If You Ask for a Public Defender in One Texas County, You Get a Sheriff’s Detective Instead
Local officials in Texas have decided it is more important to save tax dollars than provide a criminal suspect with a public defender.
Starting late last year, McLennan County decided to send a sheriff’s detective to the home of any person requesting a court-appointed lawyer. The purpose: to see if the individual was poor enough to not afford their own legal counsel, or determine if they were lying.
Officials stand by their decision to carry out the investigations, believing some residents were taking advantage of free legal help.
“I think this has been very, very helpful,” Cathy Edwards, McLennan’s indigent defense coordinator said at a public meeting of county commissioners, according to the Texas Tribune. “Last week, I had several people who just said, ‘I don’t want to deal with this, I don’t want to have to be bothered by the detectives—just throw my application away.’”
In fact, there has been a 40% reduction in requests for public defenders in McLennan County since its sheriff’s office began investigating indigence claims last November. But County Judge Scott Felton denied that such a pronounced drop indicates that the new country policy has had a chilling effect on citizens. Rather, he insisted, it is due to an understaffed department struggling to cope with an increased workload.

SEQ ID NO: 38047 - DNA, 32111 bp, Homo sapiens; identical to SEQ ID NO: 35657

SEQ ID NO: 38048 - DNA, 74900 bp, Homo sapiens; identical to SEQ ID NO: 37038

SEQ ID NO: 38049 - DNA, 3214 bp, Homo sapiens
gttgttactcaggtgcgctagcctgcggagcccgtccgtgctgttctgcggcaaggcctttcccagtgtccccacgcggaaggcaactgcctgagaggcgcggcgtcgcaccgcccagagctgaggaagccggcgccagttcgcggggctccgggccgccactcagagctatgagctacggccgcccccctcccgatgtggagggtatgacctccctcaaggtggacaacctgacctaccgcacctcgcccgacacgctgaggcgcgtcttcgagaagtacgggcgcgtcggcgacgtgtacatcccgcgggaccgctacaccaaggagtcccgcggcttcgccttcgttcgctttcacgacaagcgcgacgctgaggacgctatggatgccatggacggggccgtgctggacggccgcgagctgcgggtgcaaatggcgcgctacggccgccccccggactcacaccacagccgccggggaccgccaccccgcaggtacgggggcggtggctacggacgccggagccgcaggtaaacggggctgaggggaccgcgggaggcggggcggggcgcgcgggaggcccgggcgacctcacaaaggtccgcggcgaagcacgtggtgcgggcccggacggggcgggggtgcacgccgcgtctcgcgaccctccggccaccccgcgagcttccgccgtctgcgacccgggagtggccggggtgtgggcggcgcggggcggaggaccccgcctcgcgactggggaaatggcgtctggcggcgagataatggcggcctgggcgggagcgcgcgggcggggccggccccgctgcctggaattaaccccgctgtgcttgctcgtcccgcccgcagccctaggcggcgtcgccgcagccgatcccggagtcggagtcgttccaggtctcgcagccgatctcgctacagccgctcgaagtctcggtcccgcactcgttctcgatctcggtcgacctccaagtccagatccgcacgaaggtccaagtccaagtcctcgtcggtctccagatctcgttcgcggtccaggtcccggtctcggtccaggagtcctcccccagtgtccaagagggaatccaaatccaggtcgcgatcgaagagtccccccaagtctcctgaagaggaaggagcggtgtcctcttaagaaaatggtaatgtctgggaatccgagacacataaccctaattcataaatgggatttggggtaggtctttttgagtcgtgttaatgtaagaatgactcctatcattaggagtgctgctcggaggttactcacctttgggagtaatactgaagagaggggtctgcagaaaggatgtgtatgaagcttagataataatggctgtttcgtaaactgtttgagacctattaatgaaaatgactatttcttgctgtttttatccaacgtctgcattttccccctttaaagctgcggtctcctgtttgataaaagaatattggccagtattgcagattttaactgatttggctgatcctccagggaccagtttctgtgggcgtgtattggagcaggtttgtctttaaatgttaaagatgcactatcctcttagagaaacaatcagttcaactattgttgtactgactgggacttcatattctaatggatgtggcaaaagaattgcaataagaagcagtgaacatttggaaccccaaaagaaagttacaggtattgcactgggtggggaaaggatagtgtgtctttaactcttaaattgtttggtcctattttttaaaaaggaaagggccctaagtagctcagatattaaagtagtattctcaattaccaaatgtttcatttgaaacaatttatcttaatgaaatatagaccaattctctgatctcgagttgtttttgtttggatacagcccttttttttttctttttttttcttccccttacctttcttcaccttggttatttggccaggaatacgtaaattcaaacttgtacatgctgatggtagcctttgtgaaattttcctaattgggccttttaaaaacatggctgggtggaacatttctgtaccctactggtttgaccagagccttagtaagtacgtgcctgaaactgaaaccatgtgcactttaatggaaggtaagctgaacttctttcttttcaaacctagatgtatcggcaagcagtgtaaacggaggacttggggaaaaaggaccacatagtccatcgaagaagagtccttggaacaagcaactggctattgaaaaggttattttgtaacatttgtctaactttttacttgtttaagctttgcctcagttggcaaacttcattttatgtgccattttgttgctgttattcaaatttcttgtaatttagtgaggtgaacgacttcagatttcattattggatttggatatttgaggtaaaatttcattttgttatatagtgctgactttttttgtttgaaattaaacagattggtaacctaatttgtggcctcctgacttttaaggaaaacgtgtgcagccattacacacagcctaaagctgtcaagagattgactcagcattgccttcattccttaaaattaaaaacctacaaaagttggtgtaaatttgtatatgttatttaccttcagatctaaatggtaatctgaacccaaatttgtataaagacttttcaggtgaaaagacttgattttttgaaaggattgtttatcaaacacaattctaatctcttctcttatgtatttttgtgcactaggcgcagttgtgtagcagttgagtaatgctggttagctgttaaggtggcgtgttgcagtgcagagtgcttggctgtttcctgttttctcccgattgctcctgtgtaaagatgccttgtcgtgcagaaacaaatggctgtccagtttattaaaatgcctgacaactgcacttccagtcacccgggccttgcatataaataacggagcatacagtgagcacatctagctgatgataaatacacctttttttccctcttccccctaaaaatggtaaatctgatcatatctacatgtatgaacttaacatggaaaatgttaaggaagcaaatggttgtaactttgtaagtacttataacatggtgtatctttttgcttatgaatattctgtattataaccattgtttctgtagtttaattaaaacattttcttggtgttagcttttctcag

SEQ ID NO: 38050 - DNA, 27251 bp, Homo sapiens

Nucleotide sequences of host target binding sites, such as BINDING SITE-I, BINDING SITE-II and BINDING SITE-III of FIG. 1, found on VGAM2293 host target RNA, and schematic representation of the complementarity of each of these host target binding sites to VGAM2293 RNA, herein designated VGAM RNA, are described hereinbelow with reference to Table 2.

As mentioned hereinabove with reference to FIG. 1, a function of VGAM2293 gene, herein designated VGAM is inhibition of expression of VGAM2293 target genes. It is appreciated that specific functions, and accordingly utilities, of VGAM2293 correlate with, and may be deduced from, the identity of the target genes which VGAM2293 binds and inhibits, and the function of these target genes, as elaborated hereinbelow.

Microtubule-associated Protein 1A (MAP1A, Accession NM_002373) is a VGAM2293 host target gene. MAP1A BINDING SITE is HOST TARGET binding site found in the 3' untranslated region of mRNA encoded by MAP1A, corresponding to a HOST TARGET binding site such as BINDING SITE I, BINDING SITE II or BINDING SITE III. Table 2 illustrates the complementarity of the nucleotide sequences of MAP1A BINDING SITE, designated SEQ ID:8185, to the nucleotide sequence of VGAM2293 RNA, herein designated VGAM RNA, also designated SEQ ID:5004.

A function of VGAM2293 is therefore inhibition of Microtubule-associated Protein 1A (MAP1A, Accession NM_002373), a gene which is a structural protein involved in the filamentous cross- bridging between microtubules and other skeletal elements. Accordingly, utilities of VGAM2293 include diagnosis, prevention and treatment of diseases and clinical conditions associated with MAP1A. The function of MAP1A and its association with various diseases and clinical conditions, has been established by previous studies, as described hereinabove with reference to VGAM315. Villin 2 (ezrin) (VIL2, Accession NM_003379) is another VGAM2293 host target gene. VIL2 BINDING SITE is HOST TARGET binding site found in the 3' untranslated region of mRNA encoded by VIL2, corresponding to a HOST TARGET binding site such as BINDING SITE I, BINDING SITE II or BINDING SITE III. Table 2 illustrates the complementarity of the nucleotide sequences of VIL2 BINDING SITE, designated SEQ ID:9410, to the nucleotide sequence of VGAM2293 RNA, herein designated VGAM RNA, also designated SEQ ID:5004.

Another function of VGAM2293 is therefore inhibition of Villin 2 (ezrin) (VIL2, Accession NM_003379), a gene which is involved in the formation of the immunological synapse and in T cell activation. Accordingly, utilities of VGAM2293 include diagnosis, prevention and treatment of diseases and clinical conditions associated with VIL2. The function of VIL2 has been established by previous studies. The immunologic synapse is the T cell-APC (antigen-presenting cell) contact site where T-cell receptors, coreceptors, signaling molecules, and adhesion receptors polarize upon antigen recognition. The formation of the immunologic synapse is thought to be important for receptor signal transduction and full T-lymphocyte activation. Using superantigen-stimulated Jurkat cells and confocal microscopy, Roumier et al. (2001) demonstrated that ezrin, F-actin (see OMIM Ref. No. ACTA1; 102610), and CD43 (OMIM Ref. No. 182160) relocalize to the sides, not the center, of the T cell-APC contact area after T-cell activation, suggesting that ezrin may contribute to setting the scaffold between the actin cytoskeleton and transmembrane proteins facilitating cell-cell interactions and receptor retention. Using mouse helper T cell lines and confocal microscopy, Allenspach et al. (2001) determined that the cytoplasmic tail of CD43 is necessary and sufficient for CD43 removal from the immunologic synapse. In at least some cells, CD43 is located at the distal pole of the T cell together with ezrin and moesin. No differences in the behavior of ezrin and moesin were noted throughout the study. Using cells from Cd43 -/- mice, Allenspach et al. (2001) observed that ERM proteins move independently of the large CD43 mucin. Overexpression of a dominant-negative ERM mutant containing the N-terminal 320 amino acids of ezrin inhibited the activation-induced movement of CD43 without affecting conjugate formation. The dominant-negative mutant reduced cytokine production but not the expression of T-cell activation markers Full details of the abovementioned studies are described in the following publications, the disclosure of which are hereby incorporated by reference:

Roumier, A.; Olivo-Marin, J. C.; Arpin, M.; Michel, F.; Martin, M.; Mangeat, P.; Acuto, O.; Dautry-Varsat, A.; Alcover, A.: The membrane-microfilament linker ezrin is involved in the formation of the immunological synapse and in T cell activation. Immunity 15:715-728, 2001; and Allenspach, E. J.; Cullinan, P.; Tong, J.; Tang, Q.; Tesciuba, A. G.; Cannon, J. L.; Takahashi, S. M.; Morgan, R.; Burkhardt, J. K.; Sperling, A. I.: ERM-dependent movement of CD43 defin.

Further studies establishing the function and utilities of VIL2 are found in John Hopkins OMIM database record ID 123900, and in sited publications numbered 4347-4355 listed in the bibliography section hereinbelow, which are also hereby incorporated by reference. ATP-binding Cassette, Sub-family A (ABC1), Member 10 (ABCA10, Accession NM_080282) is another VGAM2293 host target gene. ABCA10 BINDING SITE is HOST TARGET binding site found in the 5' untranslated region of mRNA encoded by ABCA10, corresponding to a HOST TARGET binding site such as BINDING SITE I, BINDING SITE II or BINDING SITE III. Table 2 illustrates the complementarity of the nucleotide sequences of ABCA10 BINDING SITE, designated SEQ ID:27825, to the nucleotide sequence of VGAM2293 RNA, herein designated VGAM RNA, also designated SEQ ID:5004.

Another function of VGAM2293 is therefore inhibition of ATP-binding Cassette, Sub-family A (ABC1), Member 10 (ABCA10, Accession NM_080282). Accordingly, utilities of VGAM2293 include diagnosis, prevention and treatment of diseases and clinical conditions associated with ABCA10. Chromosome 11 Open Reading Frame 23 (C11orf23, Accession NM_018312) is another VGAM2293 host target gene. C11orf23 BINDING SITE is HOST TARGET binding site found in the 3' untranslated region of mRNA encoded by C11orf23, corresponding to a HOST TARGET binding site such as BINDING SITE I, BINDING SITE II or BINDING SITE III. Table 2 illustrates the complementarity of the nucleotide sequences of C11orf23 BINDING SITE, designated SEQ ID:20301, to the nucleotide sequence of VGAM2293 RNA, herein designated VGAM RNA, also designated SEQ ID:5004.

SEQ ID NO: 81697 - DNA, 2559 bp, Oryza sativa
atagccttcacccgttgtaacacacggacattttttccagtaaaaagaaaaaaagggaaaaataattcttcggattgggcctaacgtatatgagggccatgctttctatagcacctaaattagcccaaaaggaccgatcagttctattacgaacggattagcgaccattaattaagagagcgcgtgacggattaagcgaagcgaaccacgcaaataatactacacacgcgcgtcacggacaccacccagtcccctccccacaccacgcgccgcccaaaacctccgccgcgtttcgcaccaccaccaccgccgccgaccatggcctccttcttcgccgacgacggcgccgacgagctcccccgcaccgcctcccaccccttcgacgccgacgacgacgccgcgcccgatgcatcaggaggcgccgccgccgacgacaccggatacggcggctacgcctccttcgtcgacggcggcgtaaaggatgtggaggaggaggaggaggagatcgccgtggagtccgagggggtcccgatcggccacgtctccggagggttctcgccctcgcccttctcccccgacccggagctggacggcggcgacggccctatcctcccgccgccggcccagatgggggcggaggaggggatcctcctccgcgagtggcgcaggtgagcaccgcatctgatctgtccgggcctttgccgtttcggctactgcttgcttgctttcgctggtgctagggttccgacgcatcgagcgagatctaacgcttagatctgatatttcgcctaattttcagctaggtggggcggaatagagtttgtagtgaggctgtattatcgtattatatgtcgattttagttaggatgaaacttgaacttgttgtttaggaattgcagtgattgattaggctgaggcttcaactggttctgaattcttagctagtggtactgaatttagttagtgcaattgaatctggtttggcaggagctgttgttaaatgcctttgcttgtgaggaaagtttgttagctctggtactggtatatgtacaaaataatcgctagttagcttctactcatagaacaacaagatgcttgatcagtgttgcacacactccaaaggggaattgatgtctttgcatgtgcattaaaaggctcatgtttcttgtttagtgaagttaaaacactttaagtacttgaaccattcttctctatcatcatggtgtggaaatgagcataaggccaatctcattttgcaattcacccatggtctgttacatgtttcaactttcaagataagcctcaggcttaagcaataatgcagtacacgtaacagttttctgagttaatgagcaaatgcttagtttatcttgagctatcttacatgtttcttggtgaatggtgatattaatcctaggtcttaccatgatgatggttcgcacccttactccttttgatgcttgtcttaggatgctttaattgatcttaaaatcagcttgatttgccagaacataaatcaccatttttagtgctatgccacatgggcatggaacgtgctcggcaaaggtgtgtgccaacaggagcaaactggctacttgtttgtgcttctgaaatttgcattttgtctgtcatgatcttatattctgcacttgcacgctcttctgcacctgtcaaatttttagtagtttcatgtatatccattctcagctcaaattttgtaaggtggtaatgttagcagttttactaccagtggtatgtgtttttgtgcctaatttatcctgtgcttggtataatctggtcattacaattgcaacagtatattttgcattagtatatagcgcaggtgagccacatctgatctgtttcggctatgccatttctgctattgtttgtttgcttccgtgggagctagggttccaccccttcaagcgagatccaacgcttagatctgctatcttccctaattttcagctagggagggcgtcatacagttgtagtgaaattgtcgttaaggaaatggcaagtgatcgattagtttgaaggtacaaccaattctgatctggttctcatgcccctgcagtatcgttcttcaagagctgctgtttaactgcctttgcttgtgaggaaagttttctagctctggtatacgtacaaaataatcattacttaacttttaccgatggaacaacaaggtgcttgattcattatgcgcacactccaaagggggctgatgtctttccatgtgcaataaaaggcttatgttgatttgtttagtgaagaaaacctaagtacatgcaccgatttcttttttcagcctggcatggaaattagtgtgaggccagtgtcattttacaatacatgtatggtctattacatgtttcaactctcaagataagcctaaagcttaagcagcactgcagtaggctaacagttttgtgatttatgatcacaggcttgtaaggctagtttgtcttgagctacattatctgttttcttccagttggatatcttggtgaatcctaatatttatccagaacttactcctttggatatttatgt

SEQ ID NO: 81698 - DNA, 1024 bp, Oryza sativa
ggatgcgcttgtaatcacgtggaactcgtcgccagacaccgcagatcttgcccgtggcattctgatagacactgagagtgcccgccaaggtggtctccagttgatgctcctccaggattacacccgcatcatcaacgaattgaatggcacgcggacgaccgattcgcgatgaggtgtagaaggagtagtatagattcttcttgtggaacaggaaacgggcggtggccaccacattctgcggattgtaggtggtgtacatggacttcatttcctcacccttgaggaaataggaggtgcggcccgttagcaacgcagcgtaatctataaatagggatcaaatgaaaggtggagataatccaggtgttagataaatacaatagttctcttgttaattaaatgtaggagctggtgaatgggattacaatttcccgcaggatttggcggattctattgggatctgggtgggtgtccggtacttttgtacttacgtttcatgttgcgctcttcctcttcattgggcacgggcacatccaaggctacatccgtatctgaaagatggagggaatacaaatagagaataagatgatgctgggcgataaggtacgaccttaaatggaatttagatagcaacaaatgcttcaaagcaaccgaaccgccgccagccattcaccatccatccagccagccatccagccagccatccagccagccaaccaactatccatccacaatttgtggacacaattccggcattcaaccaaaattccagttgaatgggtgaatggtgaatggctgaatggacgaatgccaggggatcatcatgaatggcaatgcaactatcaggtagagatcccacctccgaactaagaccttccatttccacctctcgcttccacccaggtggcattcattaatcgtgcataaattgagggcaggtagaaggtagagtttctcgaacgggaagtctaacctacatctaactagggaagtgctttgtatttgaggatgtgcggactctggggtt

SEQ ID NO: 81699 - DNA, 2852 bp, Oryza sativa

McLennan County Sheriff’s Deputy Matt Cawthon characterized the 40% drop as “crime prevention at its finest.”
Criminal defense advocates have been appalled by the county’s actions and the implications for Americans’ constitutional rights.
“It’s savings at the expense of defendants' rights,” Andrea Marsh, senior counsel at the nonprofit Texas Fair Defense Project, said. “Defendants are not pursuing counsel because they don’t want to let an investigator into their house.”
Marsh added that what McLennan is doing is essentially forcing people to give up one right (the Fourth Amendment’s guarantee against unreasonable searches) to secure another (the Sixth Amendment’s right to have a lawyer).
Texas does not consider legal aid for the poor a priority. It ranks near the bottom among all states in spending per-capita for indigent defense (based on 2008 figures compiled by the National Legal Aid and Defender Association).
Funding for public defenders in Texas comes out of county budgets, not the state treasury, which can lead to shortchanging this important assistance when local revenues are tight, advocates for the poor argue.
To Learn More:
In Waco, Checking on Defendants' Claims of Poverty (by Gilad Edelman, Texas Tribune)
McLennan County Indigent Defense Investigations Come Under Fire (by Olivia Messer, Waco Tribune)
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